- Veteran elementary and middle school teacher Chrissy Romano-Arrabito writes for EdSurge that while summer is the time when teachers read up on education trends, browse research, and carefully plot out lesson plans for the coming year, it's also important to consider ways to connect emotionally with students.
- Educators would do well to approach students as whole human beings rather than just minds to mold, as kids learn more from teachers they have a good rapport with, and front-loading the school year with community-building activities will pay off down the road.
- Some proven ways for educators to form bonds with students include keeping a sense of humor, showing your human flaws, and sharing details about aspects of your personal life — such as pets, hobbies and vacations — while also asking students about their out-of-school lives to seek common ground.
While the benefits of classroom teachers forging strong bonds with students are many, less attention is given to principals and superintendents making those types of connections. But certainly, today's schools are complex environments, and every player has a role in student outcomes. School leaders, though, are too often either segregated from the daily lives of students or looked upon as those who dish out consequences and, thus, best avoided.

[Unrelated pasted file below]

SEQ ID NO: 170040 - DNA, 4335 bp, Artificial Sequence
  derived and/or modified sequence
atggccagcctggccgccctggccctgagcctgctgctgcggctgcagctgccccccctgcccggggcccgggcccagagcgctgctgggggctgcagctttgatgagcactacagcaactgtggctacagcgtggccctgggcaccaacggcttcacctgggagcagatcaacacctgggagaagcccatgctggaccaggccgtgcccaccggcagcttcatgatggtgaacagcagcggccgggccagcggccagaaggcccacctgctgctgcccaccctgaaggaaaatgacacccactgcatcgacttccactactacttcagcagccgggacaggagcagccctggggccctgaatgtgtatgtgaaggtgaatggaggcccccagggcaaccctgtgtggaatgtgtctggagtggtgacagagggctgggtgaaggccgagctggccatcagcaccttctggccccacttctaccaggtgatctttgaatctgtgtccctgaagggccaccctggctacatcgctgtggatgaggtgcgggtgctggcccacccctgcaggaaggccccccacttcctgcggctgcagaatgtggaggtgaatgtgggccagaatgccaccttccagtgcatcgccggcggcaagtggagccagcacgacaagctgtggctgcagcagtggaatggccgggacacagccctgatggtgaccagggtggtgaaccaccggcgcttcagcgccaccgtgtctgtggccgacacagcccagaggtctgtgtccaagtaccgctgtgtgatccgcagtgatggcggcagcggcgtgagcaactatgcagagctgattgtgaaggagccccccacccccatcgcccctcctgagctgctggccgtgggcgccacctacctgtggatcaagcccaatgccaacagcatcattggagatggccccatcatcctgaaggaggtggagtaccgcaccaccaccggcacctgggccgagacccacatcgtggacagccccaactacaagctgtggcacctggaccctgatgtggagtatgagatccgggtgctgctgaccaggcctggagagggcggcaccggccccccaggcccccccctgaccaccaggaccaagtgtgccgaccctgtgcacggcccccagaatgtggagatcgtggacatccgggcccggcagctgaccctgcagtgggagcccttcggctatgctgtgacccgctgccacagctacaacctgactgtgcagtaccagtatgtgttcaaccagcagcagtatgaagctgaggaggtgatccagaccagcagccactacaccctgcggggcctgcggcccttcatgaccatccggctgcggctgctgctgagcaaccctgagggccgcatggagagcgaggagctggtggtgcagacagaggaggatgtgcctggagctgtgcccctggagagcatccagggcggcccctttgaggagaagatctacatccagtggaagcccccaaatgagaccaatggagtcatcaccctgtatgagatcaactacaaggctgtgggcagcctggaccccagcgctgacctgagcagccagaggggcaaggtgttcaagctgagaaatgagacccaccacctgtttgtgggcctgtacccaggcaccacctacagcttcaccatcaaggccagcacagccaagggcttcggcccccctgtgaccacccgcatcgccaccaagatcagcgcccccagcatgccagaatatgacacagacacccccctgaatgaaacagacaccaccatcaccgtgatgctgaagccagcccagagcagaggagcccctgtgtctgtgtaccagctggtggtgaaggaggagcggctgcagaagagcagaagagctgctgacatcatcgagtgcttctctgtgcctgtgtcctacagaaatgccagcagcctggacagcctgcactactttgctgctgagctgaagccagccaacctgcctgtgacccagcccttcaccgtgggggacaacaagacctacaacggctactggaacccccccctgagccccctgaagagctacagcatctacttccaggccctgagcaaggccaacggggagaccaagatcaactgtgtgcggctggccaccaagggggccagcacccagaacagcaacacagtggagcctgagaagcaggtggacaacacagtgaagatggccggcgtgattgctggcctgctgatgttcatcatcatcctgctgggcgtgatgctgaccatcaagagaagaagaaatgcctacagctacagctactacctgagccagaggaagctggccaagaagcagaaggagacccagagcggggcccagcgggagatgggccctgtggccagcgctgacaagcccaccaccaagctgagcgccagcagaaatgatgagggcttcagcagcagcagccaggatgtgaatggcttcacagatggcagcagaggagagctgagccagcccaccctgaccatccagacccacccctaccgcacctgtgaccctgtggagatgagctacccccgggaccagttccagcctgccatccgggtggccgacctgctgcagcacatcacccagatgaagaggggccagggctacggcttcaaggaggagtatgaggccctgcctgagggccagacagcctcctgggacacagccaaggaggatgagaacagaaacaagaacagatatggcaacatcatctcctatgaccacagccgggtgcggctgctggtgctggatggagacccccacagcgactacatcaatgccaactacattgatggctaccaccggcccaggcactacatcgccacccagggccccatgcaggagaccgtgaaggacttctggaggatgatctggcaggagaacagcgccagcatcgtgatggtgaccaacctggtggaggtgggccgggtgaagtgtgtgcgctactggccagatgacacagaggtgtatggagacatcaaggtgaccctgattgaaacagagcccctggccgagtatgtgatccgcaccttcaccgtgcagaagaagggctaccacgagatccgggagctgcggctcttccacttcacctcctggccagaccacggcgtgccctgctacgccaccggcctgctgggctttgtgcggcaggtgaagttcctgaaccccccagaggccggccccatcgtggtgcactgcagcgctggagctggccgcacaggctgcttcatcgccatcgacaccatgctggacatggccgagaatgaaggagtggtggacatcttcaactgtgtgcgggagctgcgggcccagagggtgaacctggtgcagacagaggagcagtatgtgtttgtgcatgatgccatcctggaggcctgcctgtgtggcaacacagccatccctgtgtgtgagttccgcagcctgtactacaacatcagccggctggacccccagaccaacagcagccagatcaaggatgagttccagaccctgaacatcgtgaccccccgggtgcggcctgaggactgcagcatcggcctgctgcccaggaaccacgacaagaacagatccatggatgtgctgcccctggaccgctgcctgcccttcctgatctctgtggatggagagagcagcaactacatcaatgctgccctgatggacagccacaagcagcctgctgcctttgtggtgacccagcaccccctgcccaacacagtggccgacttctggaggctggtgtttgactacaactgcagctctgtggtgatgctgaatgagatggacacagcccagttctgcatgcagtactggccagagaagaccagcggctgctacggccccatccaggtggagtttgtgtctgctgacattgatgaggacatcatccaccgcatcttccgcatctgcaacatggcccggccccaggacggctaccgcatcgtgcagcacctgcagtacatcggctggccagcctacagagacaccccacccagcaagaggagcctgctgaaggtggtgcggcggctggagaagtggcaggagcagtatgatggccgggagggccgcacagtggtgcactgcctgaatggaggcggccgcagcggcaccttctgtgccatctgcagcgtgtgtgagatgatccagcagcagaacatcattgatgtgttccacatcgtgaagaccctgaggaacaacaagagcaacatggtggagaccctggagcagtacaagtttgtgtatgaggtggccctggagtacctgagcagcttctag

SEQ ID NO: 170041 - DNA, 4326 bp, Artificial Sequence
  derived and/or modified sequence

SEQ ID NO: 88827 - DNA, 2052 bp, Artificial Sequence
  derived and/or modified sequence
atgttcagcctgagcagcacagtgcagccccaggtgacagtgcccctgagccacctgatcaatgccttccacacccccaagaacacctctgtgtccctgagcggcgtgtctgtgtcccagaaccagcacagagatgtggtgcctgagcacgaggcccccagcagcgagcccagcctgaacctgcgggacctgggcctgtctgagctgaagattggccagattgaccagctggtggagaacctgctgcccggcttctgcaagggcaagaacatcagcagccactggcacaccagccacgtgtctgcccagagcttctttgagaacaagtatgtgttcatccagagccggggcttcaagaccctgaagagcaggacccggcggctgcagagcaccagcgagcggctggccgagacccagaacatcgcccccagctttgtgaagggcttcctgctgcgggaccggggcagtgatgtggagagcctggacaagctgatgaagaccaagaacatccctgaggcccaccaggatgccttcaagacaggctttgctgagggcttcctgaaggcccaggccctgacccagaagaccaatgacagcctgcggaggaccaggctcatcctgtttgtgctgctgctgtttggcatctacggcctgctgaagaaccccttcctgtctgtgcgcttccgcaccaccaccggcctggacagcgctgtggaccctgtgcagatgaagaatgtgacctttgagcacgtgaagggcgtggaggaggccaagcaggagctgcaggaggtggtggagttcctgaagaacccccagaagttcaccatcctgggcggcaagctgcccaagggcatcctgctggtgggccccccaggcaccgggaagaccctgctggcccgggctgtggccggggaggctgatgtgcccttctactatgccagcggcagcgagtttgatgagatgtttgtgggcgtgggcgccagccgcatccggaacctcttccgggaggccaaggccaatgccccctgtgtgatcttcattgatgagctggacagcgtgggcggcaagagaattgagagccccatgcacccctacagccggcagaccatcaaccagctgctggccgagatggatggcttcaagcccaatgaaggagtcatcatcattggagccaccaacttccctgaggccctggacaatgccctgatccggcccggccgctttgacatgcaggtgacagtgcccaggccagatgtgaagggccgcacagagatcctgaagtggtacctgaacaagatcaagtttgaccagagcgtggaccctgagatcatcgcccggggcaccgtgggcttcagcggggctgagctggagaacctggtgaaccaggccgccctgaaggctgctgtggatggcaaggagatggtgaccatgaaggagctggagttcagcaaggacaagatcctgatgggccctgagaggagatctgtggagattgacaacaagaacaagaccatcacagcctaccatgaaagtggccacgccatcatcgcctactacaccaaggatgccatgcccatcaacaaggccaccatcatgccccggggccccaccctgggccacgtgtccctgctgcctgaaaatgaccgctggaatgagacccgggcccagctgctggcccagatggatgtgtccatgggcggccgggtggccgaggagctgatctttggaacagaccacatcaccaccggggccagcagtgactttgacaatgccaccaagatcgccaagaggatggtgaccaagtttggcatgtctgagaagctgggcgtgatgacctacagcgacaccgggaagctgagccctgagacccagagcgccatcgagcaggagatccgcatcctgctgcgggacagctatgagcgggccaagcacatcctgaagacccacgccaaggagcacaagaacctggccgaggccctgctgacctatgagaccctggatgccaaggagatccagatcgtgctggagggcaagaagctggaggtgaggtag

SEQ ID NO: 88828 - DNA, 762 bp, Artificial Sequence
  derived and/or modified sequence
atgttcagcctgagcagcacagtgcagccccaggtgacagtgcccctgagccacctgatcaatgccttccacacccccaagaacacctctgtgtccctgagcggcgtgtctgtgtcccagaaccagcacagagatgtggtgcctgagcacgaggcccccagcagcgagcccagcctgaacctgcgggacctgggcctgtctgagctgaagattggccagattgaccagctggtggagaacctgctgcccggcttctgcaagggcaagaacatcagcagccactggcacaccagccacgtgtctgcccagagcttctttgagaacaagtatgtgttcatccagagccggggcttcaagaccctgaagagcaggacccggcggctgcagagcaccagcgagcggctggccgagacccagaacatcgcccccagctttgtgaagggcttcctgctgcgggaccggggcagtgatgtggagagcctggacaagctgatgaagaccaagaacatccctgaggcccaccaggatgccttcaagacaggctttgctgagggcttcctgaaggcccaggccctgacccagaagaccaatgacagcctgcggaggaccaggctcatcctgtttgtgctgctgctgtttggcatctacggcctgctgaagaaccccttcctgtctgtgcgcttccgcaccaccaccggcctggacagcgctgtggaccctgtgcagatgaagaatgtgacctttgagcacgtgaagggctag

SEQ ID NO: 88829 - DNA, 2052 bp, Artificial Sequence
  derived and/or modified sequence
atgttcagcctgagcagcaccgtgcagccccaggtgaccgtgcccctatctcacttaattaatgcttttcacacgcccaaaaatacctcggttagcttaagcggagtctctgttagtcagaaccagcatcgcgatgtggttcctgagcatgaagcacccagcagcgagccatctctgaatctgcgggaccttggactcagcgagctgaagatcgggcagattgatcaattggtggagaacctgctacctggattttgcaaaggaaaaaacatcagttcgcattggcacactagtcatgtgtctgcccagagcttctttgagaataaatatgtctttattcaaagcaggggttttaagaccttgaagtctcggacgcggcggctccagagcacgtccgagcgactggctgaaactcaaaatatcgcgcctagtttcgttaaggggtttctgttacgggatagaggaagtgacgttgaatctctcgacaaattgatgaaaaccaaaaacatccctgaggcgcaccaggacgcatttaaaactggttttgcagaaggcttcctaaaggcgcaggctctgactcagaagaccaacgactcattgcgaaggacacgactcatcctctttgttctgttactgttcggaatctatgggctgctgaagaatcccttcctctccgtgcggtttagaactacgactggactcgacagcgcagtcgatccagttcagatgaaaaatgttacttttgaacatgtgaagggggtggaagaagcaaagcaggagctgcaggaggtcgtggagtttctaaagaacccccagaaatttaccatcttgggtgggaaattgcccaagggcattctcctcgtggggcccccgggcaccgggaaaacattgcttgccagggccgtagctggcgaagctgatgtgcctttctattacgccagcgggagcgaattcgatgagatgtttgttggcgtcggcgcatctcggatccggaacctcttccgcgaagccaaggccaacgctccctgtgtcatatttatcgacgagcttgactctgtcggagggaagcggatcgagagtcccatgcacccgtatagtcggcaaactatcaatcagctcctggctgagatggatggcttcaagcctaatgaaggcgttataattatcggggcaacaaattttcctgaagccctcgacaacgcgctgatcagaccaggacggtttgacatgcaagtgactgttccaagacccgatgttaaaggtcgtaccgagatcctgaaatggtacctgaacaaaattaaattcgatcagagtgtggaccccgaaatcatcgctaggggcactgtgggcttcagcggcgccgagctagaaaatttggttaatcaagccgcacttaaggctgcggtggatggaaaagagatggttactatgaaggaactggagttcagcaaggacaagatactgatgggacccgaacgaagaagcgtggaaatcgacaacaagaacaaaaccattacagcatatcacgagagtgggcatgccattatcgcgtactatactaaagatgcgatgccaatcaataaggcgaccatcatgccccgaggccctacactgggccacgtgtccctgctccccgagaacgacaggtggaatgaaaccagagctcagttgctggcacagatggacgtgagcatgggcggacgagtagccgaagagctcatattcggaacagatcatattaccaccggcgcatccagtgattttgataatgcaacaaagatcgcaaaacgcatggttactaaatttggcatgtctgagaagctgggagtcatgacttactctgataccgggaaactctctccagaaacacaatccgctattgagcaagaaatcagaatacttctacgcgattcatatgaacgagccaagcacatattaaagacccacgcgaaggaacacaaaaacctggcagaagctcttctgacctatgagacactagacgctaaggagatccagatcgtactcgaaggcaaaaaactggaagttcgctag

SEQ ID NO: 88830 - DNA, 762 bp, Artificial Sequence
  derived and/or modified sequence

But there are ways that principals and even superintendents can better serve students by making themselves more visible and more "human," rather than a distant authority figure. First off, there's the simple step of treating students the same way you would want someone with authority over you and your environment to treat you. Beyond that, school leaders can take time to learn students' names, leverage lunchtime to engage with and watch students during unstructured social time, regularly greet students face-to-face in the mornings, be present at every school function, hold regular classroom chats to talk to students about topics of concern, and catch students being good rather than just when they need to be disciplined.